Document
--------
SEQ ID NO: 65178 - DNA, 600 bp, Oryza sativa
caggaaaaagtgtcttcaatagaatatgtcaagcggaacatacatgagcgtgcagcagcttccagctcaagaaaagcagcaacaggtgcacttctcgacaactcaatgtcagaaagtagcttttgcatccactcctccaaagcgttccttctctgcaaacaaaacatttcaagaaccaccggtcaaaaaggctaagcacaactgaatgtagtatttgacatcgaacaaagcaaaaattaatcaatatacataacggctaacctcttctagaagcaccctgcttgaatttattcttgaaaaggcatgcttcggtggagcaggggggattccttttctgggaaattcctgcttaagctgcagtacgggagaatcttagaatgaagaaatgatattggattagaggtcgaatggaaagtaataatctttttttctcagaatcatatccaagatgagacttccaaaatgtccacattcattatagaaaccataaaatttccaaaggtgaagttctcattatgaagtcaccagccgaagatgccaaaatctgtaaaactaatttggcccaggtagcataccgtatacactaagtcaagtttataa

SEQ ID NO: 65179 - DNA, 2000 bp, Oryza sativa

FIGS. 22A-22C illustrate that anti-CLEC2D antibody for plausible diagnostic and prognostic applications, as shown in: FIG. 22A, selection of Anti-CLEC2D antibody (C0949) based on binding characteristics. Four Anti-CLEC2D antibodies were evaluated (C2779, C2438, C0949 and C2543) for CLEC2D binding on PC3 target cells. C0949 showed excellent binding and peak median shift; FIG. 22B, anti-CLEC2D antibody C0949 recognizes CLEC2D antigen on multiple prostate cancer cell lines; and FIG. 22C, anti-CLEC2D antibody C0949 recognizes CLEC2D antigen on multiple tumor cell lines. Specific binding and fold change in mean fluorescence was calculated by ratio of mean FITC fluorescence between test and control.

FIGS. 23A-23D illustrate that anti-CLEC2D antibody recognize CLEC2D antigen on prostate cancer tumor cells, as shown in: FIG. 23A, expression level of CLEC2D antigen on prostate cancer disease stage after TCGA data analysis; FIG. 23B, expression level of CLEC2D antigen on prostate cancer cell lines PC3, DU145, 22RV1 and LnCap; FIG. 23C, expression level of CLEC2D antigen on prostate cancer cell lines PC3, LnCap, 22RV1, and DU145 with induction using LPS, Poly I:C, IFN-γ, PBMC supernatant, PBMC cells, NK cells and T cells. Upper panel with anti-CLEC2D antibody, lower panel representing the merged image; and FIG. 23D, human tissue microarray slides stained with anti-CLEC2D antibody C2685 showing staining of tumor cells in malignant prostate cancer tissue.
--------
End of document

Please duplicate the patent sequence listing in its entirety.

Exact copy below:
SEQ ID NO: 65178 - DNA, 600 bp, Oryza sativa
caggaaaaagtgtcttcaatagaatatgtcaagcggaacatacatgagcgtgcagcagcttccagctcaagaaaagcagcaacaggtgcacttctcgacaactcaatgtcagaaagtagcttttgcatccactcctccaaagcgttccttctctgcaaacaaaacatttcaagaaccaccggtcaaaaaggctaagcacaactgaatgtagtatttgacatcgaacaaagcaaaaattaatcaatatacataacggctaacctcttctagaagcaccctgcttgaatttattcttgaaaaggcatgcttcggtggagcaggggggattccttttctgggaaattcctgcttaagctgcagtacgggagaatcttagaatgaagaaatgatattggattagaggtcgaatggaaagtaataatctttttttctcagaatcatatccaagatgagacttccaaaatgtccacattcattatagaaaccataaaatttccaaaggtgaagttctcattatgaagtcaccagccgaagatgccaaaatctgtaaaactaatttggcccaggtagcataccgtatacactaagtcaagtttataa

SEQ ID NO: 65179 - DNA, 2000 bp, Oryza sativa

FIGS. 22A-22C illustrate that anti-CLEC2D antibody for plausible diagnostic and prognostic applications, as shown in: FIG. 22A, selection of Anti-CLEC2D antibody (C0949) based on binding characteristics. Four Anti-CLEC2D antibodies were evaluated (C2779, C2438, C0949 and C2543) for CLEC2D binding on PC3 target cells. C0949 showed excellent binding and peak median shift; FIG. 22B, anti-CLEC2D antibody C0949 recognizes CLEC2D antigen on multiple prostate cancer cell lines; and FIG. 22C, anti-CLEC2D antibody C0949 recognizes CLEC2D antigen on multiple tumor cell lines. Specific binding and fold change in mean fluorescence was calculated by ratio of mean FITC fluorescence between test and control.

FIGS. 23A-23D illustrate that anti-CLEC2D antibody recognize CLEC2D antigen on prostate cancer tumor cells, as shown in: FIG. 23A, expression level of CLEC2D antigen on prostate cancer disease stage after TCGA data analysis; FIG. 23B, expression level of CLEC2D antigen on prostate cancer cell lines PC3, DU145, 22RV1 and LnCap; FIG. 23C, expression level of CLEC2D antigen on prostate cancer cell lines PC3, LnCap, 22RV1, and DU145 with induction using LPS, Poly I:C, IFN-γ, PBMC supernatant, PBMC cells, NK cells and T cells. Upper panel with anti-CLEC2D antibody, lower panel representing the merged image; and FIG. 23D, human tissue microarray slides stained with anti-CLEC2D antibody C2685 showing staining of tumor cells in malignant prostate cancer tissue.